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  • Allison | January 22, 2012 9:26 PMReply

    "Cinemascore proves in this case that you can lead a horse to water, but sometimes they're still a fucking stupid horse with no taste and shitty standards." Gabe, I seriously love you. Perfectly said.

  • a stupid horse | January 22, 2012 7:09 PMReply

    honestly, this website is beyond pathetic. If a movie like Drive or Haywire underperforms, it's the studios fault; even when the facts show people clearly do not like the movie. and just because they don't like it, it doesn't make them a "fucking stupid horse with no taste and shitty standards."

    in fact, the only people who are stupid are pretentious asshole writers that think their taste is above everyones and who's journalistic skills are so poor, they have to stump for every film made by someone who gives them a ton of access, interviews, and quotes, regardless of the film's quality.

  • Gabe Toro | January 23, 2012 2:43 AM

    FYI, I've never spoken to Steven Soderbergh.

  • Another Stupid Horse | January 23, 2012 12:33 AM

    Yes. Thank you from one stupid horse to another. It's totally about stumping for those who grant access regardless of quality or anything else. The elaborate contortions to justify those biases are transparent and painful to watch.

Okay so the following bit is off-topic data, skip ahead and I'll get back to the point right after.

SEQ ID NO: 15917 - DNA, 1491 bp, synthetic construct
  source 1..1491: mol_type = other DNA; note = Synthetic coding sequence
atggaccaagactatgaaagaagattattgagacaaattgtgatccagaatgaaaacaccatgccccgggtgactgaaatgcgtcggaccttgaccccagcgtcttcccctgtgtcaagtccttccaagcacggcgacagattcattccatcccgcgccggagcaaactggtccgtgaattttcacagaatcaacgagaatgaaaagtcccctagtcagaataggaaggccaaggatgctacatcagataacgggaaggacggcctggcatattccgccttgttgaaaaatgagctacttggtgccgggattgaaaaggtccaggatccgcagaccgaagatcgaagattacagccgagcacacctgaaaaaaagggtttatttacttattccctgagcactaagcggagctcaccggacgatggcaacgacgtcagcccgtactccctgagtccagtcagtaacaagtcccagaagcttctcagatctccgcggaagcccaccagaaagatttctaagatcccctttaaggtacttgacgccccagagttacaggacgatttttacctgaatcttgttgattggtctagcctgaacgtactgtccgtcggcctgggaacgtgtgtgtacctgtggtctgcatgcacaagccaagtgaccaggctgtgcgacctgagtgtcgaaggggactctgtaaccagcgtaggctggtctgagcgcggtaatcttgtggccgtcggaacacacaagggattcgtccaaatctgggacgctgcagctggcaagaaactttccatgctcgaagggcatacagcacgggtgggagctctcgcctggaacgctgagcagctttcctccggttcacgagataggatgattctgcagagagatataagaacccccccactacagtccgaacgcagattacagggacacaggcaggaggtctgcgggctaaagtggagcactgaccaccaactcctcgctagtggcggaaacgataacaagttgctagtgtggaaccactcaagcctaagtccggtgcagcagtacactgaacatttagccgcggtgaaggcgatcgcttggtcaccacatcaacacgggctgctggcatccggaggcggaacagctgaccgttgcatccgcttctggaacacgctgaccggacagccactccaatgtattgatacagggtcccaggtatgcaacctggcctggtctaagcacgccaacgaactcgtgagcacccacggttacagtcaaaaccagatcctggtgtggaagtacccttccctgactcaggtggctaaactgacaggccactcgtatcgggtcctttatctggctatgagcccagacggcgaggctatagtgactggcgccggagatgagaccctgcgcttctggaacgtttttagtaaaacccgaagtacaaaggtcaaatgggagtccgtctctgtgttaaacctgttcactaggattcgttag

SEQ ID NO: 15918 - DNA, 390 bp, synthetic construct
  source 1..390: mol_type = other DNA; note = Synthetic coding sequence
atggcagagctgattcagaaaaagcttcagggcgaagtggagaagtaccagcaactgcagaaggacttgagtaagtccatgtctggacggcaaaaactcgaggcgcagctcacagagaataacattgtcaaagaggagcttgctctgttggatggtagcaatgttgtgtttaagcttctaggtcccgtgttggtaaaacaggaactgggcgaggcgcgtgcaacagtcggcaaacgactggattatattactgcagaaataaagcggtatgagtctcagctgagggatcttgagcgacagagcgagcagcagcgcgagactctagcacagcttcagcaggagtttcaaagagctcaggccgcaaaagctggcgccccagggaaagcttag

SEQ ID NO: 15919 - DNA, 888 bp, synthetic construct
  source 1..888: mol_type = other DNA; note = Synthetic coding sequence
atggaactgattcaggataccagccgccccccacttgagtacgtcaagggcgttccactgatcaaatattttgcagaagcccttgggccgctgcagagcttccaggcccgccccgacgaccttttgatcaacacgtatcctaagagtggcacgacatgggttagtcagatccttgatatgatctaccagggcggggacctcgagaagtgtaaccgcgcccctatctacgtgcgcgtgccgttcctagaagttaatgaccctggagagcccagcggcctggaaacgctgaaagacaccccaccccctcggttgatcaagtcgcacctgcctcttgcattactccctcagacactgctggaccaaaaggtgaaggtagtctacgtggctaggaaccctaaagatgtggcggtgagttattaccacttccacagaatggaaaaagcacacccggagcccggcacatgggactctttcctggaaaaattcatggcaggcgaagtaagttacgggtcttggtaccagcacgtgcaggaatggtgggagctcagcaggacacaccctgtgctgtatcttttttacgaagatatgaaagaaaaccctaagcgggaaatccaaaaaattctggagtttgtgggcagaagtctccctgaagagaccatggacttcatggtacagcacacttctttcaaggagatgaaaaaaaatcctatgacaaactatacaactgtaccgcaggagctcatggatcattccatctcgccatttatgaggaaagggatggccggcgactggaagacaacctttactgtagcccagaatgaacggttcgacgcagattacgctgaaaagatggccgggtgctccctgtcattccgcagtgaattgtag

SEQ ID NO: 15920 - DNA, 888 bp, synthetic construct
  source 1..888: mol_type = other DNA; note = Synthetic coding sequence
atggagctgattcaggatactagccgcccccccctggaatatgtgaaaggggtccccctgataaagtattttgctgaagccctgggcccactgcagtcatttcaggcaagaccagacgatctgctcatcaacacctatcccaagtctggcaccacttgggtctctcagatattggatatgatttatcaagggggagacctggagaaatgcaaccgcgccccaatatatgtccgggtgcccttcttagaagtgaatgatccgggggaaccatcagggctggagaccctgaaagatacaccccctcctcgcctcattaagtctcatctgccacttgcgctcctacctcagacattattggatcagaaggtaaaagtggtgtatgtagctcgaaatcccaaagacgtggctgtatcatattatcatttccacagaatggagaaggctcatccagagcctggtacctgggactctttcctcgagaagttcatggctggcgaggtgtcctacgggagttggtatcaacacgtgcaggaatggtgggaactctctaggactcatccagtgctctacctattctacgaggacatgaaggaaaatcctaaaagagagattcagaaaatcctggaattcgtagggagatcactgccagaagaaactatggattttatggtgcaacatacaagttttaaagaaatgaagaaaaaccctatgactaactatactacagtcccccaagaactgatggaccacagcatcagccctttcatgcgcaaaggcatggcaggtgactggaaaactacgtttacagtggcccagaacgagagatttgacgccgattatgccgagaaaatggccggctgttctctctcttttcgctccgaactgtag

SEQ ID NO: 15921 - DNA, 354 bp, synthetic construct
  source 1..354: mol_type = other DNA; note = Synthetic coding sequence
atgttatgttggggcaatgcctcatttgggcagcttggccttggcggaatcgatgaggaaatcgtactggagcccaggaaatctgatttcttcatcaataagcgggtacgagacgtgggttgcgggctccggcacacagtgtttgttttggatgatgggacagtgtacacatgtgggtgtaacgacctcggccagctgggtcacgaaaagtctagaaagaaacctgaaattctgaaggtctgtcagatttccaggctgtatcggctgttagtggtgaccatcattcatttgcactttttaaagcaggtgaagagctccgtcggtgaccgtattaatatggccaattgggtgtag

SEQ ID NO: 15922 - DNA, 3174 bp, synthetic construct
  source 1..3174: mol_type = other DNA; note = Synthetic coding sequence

• A Less Stupid Horse | January 22, 2012 7:40 PM

    I wish these entertainment writers would share their opinions less, drop any pretenses about establishing style or taste, and just report on uhhhh uhhhh--what do websites that have not passed the pathetic barrier offer me?

  • mstewart | January 22, 2012 5:21 PMReply

    How did Miss Bala do?

  • Not As Stupid as the First Horse, but Not Quite Up to the Snuff Established By Horse #2 | January 22, 2012 7:43 PM

    hahaha, nice! And now the playlist is apparently stumping for the lowly Steven Soderbergh. Where are the Len Wiseman interviews?

  • Liz | January 22, 2012 3:49 PMReply

    "She Should've Picked Gaston 3D"

    What?!? I side with the people who say that "Beauty and the Beast" is like a creepy ode to Stockholm Syndrome, but no way she should have chosen that asswipe.

    "Don't Stand So Extremely Loud And Incredibly Close To Me"

    Well played on this one, though.

  • Liz | January 22, 2012 3:50 PM

    Sorry, I don't know where the returns went.